Kicking down

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When it comes to immigration, you may be surprised to know that I actually agree that it isn’t an untrammeled good. I also don’t entirely buy arguments that border controls are prima facie illegitimate: in the “bigger picture”, they are indeed barbaric, but at the moment, the nation-state is the only level at which popular sovereignty holds even theoretically, and then only in some parts of the Earth.

But that doesn’t mean that punitive immigration regimes, for the most part, even accomplish what they’re advertised to accomplish. We hear a lot from right-wing populists in certain countries about the evil of immigrants taking more than they are giving. In the UK, this has taken the form of right-wing populists complaining about immigration from new, poorer EU members, who can take advantage of the non-negotiable EU free labour movement provisions — which are supposed to be an essential element of the treaties, quite apart from the Schengen visa regime for the continent, and the people-friendly counterpart of European free trade. It is of course ironic that the UK was one of the backers of said expansion, precisely as part of a ploy to hobble Brussels, and, as an aside, ended up playing directly into the hands of Germany et al.

But now we find that some economists (I know, I know) have calculated that the complaints about illegal immigrant sponges are, on the whole, way off the mark, at least in the UK. I won’t quibble with the calculations because, well, economism, and it is probably a different number every Thursday afternoon. But I can well believe that immigrants are typically a net plus when observed over the whole economy, particularly for the UK.

However, it is the net part of net plus that is the problem here. We live in a society where economic gains are distributed increasingly unequally. So even if immigrants are a net plus to the whole economy, it is more than likely that they are a visible minus to large portions of the population, largely because they are deprived of the gains therefrom just as they have been almost wholly robbed of the labour-liberating fruits of technology.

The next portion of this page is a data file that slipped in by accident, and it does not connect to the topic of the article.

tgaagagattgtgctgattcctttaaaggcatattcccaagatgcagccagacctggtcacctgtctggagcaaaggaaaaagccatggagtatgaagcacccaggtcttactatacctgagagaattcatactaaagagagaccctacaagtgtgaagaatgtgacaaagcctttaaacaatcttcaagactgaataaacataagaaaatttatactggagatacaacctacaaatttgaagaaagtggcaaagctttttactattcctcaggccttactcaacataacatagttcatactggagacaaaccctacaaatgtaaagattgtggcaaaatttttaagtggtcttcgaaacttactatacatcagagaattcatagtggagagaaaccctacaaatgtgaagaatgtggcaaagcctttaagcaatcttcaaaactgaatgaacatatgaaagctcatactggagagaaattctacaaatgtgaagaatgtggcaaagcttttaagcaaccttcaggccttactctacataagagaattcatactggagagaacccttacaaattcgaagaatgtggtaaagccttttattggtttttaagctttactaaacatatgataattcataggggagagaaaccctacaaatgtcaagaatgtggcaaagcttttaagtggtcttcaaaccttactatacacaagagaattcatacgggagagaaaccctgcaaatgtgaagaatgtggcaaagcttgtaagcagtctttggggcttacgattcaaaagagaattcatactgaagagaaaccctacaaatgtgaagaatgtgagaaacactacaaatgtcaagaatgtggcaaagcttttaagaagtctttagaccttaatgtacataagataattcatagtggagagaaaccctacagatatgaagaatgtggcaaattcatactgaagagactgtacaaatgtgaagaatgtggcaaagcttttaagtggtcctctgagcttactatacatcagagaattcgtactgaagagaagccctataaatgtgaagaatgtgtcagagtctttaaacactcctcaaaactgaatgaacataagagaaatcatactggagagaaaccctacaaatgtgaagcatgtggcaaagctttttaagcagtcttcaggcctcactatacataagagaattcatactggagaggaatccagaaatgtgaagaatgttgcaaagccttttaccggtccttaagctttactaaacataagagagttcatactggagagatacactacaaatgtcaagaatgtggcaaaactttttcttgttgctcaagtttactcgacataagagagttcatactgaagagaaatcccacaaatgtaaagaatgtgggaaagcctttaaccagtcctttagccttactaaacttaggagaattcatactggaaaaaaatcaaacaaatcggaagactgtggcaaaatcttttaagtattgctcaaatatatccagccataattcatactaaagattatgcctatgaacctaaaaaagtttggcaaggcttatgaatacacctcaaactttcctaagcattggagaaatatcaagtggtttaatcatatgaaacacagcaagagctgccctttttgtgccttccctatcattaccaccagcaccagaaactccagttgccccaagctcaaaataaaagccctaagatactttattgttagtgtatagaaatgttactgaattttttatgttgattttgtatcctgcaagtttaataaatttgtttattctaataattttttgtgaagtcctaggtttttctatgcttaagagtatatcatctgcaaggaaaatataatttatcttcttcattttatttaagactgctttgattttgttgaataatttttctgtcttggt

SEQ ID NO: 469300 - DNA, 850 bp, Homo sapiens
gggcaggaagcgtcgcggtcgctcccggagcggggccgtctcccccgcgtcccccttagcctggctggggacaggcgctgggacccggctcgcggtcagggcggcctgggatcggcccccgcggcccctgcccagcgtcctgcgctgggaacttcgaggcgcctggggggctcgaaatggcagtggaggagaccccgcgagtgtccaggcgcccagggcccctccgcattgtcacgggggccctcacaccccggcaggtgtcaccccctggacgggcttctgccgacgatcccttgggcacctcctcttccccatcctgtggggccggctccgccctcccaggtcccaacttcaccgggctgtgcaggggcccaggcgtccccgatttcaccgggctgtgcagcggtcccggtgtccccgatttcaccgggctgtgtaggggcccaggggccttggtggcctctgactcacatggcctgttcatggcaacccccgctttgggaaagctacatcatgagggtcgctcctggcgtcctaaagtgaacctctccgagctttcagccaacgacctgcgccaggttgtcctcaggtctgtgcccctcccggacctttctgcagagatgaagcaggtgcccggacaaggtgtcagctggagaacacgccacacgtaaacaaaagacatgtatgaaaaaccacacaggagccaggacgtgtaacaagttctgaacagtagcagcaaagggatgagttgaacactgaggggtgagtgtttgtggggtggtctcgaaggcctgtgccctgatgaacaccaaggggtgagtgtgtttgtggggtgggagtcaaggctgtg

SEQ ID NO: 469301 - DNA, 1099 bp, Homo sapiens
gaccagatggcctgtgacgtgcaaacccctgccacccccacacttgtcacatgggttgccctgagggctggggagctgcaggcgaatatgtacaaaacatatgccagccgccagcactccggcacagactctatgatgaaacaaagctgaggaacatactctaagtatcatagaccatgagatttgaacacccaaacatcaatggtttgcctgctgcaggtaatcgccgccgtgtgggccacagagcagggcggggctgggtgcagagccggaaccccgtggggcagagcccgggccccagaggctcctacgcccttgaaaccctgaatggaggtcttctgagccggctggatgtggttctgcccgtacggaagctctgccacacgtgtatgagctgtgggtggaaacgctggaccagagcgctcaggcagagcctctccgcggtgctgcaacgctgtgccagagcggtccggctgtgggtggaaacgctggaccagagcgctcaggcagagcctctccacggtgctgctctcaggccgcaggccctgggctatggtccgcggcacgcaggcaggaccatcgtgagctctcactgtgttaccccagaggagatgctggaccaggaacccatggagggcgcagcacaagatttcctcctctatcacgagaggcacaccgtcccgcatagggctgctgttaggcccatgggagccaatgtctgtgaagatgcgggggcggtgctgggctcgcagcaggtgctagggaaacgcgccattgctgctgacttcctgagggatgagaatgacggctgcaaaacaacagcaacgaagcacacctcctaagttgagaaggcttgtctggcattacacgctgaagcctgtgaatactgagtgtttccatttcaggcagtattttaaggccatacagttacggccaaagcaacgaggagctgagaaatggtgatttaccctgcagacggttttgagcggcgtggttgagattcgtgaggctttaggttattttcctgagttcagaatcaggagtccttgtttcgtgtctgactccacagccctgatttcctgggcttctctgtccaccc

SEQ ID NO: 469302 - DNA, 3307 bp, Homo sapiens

Hence UKIP and the Tory right. The correct response to the unequal distribution of gains from immigration (where unequal means: some people lose…) is to return to a more equitable distribution. That being now a near-unbreakable taboo in practice, the economic elite have decided to encourage a certain amount of kicking down to discharge the discontent and negative energy. This is in keeping, in general, with the practice of using right-wing populism in order to keep left-wing populists off their backs. It requires a certain amount of confidence in their ability to ride the tiger, because, of course, they don’t actually intend to stop reaping the benefits of immigration.

Quite the contrary. Where the economic elite can get away with it, punitive immigration policy usually leads to an underclass of desperate un(der)documented people, and when this is too difficult to obtain, a “Temporary Foreign Worker” programme to explicity generate this, as in Canada. And the only solution is organized labour and worker solidarity, not the divisive politics of resentment of the foreigner.

But this situation can only last insofar as the elite can “ride the tiger” of right-wing populism. We all know how dangerous a gambit this is. It’s rarely a good idea to encourage a mob of people to kick down, if your goal is overall human enlightenment and advancement. If your goal is barbarism and chaos, well, I suppose, go wild.

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This page contains a single entry by Mandos published on November 9, 2014 12:34 PM.

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